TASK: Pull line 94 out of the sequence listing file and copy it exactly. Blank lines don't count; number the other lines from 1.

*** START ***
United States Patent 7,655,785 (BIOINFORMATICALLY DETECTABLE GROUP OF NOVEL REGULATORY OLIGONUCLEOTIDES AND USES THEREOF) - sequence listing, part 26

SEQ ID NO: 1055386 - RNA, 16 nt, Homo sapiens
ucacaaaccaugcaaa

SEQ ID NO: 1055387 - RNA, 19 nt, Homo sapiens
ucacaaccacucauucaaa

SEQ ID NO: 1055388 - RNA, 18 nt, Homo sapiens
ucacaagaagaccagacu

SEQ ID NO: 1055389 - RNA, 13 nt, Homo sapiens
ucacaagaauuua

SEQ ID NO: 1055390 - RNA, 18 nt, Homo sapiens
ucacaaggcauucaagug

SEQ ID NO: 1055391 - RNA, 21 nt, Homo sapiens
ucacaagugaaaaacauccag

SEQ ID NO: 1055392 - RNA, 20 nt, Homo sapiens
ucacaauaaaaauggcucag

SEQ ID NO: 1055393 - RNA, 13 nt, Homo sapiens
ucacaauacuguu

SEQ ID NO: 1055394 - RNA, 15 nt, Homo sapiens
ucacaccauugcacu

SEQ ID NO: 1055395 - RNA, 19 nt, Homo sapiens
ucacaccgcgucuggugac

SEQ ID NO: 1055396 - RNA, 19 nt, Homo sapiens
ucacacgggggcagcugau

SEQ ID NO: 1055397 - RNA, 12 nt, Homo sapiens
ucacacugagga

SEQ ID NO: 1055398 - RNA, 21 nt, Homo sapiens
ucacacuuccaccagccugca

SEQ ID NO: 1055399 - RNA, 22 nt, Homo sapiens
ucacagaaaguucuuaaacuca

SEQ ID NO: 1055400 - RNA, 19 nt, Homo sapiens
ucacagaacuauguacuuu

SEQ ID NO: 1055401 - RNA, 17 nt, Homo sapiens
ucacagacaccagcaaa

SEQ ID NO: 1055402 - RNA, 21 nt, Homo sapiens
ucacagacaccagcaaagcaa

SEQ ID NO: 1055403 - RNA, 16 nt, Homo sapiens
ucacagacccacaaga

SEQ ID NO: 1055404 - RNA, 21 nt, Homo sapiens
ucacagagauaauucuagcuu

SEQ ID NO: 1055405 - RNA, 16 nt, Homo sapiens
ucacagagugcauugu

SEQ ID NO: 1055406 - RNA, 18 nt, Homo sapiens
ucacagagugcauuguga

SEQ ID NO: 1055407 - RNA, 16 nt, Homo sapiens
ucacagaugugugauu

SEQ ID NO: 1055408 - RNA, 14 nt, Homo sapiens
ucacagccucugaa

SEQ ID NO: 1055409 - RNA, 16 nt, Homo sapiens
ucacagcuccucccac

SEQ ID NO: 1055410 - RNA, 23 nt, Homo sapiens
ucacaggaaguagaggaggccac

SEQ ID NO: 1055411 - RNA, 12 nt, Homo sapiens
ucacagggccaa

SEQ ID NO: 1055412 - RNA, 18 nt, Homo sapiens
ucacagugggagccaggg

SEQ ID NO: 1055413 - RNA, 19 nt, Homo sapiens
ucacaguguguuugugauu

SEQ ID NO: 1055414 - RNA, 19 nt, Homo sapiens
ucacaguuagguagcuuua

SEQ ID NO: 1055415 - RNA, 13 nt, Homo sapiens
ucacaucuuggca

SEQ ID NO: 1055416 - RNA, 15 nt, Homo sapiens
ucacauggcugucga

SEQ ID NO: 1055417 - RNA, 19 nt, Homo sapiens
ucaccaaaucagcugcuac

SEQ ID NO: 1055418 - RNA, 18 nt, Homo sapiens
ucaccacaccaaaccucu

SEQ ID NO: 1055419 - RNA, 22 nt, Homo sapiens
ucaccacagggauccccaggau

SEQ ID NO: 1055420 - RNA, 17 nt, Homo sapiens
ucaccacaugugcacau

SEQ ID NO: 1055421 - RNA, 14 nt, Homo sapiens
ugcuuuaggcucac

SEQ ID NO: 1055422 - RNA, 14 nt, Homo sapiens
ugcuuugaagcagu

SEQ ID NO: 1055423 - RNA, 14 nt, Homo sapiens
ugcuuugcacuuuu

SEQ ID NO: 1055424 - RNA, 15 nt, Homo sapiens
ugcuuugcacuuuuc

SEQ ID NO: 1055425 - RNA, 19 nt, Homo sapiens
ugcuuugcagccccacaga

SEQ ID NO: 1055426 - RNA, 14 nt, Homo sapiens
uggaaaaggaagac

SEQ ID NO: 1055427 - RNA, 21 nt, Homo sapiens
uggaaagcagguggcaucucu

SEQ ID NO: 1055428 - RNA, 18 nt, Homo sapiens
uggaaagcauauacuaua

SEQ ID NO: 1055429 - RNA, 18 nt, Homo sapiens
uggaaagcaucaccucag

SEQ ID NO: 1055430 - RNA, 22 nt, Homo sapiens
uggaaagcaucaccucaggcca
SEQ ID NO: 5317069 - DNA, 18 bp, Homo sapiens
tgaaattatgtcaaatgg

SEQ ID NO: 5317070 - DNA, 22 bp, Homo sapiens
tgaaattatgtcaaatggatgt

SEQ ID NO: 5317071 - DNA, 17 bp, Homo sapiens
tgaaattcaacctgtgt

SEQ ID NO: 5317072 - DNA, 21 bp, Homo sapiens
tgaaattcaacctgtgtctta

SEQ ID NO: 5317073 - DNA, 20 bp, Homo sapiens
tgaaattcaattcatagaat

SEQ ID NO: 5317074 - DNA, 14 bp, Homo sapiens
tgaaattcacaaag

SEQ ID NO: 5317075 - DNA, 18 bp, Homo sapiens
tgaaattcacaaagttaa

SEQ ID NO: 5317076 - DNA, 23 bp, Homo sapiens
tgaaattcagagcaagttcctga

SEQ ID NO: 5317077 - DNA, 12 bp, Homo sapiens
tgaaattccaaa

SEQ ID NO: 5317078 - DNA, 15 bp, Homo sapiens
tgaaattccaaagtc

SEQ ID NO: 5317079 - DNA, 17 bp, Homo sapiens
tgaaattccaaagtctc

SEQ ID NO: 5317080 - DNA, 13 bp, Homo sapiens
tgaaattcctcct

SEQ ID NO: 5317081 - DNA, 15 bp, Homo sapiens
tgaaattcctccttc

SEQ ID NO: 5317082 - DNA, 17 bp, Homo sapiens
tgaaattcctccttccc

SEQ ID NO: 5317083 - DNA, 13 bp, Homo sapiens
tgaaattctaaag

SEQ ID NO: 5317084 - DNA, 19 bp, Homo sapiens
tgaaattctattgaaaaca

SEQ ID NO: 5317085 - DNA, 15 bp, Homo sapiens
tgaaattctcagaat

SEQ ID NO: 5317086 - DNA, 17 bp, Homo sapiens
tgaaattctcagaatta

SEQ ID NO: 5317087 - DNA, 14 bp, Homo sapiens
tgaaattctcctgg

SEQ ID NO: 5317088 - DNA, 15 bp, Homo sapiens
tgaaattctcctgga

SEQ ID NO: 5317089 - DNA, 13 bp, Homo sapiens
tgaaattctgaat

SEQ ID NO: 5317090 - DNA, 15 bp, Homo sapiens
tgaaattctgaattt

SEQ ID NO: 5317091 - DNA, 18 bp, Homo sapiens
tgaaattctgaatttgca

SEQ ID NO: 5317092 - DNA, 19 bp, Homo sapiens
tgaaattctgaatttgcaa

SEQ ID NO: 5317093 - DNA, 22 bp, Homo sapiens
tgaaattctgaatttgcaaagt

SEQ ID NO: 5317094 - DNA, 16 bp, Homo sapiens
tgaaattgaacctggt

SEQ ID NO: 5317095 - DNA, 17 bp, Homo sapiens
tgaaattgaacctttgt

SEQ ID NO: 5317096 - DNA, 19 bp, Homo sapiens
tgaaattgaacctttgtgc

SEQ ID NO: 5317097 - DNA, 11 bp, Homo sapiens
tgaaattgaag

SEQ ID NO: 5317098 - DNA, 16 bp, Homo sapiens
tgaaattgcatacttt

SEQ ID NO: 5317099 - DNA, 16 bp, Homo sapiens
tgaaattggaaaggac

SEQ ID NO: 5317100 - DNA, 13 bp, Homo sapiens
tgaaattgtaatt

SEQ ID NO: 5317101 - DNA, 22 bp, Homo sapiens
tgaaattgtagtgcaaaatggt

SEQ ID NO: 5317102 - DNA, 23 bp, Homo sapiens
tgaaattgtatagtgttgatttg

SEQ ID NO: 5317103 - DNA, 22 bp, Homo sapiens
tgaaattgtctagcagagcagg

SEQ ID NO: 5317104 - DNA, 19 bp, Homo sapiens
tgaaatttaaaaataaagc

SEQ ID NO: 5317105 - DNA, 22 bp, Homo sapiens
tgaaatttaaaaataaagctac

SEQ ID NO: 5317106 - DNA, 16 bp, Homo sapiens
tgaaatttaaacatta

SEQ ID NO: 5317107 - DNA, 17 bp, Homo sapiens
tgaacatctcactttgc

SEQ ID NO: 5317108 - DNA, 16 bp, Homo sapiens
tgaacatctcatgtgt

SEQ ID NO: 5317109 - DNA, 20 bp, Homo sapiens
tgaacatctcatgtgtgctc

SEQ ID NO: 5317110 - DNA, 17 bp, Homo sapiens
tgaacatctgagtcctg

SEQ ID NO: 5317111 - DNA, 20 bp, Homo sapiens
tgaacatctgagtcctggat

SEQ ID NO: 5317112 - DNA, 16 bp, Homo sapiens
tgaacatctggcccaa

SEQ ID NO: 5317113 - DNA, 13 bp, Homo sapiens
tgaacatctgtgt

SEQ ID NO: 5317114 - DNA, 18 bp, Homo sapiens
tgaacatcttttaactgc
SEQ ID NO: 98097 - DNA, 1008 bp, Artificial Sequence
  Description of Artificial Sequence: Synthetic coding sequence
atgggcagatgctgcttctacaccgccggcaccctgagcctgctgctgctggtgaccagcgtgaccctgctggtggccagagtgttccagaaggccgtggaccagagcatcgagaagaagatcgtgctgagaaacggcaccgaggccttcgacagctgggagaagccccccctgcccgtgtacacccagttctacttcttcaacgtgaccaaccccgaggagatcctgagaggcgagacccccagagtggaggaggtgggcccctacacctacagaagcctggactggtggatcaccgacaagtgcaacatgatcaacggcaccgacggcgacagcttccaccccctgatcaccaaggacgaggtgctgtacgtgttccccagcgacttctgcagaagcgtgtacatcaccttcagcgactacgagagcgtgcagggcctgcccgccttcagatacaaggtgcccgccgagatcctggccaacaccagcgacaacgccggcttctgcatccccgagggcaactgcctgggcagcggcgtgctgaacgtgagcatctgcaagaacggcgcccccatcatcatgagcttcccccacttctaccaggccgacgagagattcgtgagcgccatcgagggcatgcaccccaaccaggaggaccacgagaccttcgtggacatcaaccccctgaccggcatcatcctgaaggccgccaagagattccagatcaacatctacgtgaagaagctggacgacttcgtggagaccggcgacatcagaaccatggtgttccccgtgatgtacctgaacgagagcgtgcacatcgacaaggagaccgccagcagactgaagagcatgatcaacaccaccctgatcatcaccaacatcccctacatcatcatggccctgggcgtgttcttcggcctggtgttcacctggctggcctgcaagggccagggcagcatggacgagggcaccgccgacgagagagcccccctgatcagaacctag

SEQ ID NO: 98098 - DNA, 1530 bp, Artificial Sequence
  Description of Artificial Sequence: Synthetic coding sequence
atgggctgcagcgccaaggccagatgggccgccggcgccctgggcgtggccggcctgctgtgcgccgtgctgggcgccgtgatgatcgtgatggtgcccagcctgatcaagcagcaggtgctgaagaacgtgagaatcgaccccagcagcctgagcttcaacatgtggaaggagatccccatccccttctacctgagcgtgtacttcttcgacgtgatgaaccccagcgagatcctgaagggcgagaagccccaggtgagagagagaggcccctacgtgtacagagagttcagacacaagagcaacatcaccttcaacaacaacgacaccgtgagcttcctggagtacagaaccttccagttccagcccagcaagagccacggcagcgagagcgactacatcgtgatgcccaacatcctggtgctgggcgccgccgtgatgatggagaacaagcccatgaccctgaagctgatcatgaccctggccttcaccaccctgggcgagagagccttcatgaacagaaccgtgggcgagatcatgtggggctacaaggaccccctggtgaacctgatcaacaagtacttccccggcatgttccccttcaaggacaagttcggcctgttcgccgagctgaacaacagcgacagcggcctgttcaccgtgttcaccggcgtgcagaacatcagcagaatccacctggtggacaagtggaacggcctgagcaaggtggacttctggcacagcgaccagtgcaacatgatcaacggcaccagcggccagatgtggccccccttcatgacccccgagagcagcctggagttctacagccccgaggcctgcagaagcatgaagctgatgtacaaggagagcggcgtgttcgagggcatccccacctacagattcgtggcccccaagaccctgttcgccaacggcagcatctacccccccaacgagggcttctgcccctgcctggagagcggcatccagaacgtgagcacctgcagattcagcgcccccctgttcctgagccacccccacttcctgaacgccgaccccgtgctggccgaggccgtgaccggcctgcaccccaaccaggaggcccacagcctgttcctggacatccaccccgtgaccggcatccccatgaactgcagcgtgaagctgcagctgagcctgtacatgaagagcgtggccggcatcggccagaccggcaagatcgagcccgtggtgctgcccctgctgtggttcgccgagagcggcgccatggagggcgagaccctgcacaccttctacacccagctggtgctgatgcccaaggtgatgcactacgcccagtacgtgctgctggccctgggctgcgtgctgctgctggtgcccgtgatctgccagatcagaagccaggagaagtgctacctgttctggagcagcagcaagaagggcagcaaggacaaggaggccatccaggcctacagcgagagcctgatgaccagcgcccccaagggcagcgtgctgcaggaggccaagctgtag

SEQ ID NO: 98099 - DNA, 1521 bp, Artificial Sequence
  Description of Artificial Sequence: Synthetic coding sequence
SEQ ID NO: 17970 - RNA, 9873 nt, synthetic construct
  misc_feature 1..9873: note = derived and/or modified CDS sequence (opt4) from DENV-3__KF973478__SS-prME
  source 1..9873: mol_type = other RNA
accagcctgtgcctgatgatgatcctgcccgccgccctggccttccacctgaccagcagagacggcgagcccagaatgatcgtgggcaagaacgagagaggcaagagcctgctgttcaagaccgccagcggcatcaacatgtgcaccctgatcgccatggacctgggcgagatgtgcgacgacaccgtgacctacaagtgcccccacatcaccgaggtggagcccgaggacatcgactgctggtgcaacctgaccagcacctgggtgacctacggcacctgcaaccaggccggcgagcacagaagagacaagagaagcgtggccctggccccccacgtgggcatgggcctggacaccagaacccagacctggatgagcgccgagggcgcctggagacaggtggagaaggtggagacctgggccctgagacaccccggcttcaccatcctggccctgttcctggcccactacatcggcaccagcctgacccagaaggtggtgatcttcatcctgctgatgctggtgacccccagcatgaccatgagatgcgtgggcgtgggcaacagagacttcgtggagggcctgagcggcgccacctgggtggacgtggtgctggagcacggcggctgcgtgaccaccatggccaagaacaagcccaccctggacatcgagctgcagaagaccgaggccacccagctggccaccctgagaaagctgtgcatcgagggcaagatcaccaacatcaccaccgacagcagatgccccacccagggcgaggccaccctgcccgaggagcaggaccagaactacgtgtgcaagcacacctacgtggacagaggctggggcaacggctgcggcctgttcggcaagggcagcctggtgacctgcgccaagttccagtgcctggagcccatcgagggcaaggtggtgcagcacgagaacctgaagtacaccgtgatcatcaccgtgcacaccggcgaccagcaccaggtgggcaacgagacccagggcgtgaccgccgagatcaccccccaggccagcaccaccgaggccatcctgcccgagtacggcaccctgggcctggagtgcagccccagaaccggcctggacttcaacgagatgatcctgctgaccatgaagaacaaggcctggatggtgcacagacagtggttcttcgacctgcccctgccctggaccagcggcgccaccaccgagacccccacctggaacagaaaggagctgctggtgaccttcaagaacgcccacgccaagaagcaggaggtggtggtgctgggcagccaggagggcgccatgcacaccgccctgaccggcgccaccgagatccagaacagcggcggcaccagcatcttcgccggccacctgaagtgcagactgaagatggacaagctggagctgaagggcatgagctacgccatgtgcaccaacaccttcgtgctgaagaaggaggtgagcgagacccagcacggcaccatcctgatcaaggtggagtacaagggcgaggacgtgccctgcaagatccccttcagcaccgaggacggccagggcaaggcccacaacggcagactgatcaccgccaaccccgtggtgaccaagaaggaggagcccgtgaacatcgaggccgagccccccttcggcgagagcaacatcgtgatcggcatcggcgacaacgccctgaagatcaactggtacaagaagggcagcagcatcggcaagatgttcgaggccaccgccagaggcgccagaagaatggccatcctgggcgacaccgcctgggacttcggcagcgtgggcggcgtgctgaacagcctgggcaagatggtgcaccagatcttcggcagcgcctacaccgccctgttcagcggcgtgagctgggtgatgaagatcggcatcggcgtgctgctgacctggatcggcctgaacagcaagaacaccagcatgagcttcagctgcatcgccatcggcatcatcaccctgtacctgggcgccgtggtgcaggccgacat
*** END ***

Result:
SEQ ID NO: 5317070 - DNA, 22 bp, Homo sapiens